Despite disruptions due to the COVID-19 pandemic, Pantechnicon has been gaining momentum among the design savvy London set since it first opened its doors in September 2020. Located in the heart of the Belgravia conservation area of London, the new cultural hub offers guests an opportunity “to go for a drink in Oslo, eat dinner in Tokyo and shop in Copenhagen.” It’s a concept that seems somewhat appropriate for our time, with a growing emphasis on the need to alter our lifestyle and significantly reduce travel in order to play our part in helping the planet.

Pantechnicon, which may very well lay claim to be the home of Nordic and Japanese creativity, also epitomizes the recent rise of “Japandi,” a new buzzword that signifies the synergy between Japanese and Scandinavian design.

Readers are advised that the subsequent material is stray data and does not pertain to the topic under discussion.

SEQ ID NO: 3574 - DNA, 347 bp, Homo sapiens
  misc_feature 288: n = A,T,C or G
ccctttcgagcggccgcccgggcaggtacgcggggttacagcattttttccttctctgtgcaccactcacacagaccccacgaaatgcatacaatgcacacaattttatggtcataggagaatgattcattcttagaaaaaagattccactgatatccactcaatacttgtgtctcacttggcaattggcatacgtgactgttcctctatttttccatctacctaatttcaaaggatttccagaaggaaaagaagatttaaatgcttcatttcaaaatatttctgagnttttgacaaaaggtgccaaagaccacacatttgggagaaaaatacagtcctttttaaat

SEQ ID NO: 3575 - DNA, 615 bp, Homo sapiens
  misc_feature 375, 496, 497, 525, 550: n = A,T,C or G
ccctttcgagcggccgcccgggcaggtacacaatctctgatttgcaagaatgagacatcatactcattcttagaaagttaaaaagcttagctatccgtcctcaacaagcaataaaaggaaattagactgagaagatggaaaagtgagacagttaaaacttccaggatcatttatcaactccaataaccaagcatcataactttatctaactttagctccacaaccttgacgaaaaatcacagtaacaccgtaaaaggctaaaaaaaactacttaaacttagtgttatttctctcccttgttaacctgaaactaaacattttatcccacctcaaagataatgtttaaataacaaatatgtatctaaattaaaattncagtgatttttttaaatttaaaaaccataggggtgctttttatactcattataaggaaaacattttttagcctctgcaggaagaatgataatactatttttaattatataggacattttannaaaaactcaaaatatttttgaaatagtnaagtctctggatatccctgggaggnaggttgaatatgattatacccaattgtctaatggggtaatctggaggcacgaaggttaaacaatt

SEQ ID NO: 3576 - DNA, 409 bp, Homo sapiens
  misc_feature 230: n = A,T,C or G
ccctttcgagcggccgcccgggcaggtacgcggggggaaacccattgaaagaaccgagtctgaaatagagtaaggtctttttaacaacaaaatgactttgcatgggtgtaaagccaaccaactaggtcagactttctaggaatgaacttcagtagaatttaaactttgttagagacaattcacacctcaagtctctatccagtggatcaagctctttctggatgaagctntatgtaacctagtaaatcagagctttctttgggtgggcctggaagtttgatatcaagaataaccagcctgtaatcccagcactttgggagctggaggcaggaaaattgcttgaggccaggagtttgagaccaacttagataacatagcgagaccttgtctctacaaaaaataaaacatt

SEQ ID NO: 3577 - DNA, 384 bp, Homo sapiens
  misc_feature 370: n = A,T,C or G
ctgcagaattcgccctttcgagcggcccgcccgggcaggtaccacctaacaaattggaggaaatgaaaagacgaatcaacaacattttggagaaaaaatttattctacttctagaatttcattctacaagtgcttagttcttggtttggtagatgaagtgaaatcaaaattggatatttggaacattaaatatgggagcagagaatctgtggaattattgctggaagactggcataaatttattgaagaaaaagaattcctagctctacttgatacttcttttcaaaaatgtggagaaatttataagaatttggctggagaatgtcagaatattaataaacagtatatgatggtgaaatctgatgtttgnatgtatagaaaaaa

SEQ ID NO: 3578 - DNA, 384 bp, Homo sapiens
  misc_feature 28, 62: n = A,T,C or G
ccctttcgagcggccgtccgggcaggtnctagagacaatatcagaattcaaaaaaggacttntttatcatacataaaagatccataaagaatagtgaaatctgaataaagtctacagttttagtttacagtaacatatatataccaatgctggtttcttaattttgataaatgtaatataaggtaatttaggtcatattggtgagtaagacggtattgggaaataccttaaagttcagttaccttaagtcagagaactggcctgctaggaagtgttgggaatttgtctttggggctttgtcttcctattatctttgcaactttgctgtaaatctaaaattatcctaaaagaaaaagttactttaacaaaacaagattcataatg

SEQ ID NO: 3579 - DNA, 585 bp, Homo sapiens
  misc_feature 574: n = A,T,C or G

Design is at the forefront of both Japanese and Scandinavian culture, as evidenced by internationally recognizable brands such as Muji and Ikea. The concept of design is, however, relatively new for the Japanese. There is no equivalent word in the Japanese language and people generally use a Japanglish word — de-za-i-n — when referring to the concept. The country has looked to the West to learn about high quality goods in the postwar era and the old stereotype of Japan being a copycat nation followed. Today we have come full circle, as designers in the West look to Japan for inspiration.